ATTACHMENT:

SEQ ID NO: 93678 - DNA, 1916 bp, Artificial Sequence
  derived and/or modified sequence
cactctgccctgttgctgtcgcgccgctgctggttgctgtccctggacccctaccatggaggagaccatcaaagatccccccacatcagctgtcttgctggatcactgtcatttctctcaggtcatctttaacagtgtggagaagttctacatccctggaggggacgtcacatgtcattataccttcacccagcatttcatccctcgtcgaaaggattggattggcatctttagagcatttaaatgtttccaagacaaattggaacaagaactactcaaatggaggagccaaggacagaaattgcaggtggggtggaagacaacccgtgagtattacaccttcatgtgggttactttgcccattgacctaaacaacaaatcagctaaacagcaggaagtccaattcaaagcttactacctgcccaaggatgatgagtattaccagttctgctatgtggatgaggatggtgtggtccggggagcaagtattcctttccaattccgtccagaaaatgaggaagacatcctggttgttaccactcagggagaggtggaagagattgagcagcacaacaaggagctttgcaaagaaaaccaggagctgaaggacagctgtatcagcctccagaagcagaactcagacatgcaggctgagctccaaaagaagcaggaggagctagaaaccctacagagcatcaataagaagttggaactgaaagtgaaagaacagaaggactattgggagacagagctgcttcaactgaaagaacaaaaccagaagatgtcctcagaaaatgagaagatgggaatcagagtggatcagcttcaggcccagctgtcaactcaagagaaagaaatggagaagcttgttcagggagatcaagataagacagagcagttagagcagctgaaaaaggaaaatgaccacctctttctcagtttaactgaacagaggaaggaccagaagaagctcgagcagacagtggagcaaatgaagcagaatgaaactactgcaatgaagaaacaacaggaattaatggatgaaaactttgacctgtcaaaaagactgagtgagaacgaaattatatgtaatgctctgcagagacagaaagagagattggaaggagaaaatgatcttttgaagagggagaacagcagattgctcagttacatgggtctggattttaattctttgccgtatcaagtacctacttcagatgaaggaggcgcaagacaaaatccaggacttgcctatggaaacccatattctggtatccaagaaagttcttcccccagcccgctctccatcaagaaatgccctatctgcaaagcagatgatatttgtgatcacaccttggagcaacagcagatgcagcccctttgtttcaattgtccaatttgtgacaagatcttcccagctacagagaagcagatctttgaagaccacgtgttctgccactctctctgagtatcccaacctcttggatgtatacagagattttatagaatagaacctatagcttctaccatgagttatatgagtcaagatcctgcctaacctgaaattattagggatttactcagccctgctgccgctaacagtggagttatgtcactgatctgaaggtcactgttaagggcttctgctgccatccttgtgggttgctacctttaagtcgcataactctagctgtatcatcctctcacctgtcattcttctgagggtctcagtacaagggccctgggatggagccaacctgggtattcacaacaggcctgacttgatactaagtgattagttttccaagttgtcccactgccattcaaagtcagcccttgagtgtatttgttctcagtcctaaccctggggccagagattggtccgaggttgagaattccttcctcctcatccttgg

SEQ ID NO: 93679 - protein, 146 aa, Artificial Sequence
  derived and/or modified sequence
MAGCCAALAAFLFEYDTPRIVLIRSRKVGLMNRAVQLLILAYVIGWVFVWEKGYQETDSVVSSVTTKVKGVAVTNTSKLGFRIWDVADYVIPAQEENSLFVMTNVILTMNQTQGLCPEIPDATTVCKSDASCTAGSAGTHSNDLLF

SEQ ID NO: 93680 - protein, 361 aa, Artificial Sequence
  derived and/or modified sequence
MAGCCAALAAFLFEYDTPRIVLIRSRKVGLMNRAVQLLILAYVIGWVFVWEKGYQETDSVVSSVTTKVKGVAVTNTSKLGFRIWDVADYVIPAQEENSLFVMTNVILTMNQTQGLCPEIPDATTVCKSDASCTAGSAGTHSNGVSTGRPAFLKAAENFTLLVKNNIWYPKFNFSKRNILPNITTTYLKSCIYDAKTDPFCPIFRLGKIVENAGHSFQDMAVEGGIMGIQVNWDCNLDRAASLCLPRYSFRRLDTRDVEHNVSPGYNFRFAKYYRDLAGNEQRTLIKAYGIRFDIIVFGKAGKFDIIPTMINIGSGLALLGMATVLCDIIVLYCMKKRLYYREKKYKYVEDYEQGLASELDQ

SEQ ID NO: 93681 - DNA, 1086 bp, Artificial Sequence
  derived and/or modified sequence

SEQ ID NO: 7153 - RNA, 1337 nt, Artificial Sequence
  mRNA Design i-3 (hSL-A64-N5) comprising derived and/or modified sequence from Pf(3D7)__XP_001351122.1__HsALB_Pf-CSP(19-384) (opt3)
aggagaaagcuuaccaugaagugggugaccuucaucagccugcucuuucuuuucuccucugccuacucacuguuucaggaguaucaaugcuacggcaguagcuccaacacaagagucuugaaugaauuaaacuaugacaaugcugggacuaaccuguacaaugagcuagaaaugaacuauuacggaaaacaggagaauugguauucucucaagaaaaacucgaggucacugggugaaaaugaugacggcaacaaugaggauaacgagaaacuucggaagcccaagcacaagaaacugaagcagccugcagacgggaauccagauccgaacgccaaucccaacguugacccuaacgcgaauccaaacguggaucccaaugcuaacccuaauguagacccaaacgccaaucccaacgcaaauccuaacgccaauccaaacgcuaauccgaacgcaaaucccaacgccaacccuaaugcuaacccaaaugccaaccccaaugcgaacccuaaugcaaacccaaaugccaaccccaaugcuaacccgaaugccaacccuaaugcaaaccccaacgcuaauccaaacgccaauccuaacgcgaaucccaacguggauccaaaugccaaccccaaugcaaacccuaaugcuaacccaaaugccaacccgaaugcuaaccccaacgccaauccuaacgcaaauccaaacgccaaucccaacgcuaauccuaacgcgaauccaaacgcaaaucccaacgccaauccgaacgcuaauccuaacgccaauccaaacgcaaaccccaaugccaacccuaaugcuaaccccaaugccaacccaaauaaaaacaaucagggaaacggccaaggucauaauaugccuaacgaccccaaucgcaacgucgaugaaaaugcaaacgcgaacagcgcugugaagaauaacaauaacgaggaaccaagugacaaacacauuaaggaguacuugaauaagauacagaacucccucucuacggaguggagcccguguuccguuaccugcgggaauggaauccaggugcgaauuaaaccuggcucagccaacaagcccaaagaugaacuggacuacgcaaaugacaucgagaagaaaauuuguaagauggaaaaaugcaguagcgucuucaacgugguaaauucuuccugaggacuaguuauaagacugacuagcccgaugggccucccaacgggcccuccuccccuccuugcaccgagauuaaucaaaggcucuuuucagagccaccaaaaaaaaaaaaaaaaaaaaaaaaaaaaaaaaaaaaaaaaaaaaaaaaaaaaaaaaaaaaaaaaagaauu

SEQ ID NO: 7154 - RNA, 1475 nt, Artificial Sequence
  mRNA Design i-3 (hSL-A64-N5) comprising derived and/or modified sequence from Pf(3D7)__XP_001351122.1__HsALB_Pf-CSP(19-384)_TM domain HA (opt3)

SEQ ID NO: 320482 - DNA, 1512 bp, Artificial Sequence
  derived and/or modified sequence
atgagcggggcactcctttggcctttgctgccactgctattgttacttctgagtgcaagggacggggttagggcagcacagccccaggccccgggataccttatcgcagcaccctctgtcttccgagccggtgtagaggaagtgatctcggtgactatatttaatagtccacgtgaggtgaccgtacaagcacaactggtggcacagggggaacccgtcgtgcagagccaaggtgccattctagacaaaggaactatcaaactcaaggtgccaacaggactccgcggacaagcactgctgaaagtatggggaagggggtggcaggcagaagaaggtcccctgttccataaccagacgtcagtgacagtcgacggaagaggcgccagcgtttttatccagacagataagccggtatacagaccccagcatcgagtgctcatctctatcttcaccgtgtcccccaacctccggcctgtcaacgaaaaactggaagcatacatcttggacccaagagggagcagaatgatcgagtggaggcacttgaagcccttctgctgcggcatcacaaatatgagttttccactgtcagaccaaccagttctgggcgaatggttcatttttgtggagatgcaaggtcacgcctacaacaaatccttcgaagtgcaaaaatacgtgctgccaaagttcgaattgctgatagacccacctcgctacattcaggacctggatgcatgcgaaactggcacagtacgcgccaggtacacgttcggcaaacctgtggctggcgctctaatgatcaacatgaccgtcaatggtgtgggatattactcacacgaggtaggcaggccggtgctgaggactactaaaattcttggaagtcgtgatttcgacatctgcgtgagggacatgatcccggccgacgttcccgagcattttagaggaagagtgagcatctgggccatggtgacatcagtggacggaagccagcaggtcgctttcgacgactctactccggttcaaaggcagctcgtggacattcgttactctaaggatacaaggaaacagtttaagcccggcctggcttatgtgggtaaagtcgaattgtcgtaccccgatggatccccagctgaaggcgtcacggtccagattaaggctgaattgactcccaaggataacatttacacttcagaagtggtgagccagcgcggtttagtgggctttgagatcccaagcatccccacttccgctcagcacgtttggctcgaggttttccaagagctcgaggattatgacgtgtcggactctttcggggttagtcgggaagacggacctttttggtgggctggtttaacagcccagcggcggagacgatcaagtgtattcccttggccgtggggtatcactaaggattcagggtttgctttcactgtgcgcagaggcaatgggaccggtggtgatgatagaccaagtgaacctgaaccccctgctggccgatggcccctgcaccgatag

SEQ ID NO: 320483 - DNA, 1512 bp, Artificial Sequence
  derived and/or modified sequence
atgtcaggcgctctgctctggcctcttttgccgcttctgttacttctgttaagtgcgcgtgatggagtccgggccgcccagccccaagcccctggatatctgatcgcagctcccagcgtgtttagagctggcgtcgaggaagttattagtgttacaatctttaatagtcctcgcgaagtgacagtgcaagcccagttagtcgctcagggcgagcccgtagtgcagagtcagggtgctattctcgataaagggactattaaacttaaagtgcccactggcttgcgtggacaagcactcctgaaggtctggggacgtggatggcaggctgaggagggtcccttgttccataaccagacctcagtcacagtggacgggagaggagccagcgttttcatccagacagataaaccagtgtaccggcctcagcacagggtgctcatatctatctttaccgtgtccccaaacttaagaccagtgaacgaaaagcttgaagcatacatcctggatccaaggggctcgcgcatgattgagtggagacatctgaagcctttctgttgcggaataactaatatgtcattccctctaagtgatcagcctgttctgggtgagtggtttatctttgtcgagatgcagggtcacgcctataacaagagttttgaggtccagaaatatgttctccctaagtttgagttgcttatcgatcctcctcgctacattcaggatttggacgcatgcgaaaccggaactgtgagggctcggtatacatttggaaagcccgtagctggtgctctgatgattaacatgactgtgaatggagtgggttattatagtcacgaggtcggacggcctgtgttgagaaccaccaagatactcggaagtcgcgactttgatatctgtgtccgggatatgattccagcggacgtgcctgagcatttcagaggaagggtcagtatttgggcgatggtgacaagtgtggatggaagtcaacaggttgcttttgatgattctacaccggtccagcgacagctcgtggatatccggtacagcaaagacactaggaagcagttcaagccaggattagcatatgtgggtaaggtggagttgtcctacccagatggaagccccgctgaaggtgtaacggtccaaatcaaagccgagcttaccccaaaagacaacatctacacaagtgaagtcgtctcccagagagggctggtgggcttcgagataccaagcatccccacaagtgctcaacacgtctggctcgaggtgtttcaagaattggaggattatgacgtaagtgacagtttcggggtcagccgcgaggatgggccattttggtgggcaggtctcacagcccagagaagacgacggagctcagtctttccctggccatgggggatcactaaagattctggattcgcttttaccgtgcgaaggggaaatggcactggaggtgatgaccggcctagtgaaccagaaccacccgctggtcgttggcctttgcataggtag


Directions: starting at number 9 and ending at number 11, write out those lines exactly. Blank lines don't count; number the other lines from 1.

MAGCCAALAAFLFEYDTPRIVLIRSRKVGLMNRAVQLLILAYVIGWVFVWEKGYQETDSVVSSVTTKVKGVAVTNTSKLGFRIWDVADYVIPAQEENSLFVMTNVILTMNQTQGLCPEIPDATTVCKSDASCTAGSAGTHSNGVSTGRPAFLKAAENFTLLVKNNIWYPKFNFSKRNILPNITTTYLKSCIYDAKTDPFCPIFRLGKIVENAGHSFQDMAVEGGIMGIQVNWDCNLDRAASLCLPRYSFRRLDTRDVEHNVSPGYNFRFAKYYRDLAGNEQRTLIKAYGIRFDIIVFGKAGKFDIIPTMINIGSGLALLGMATVLCDIIVLYCMKKRLYYREKKYKYVEDYEQGLASELDQ

SEQ ID NO: 93681 - DNA, 1086 bp, Artificial Sequence
  derived and/or modified sequence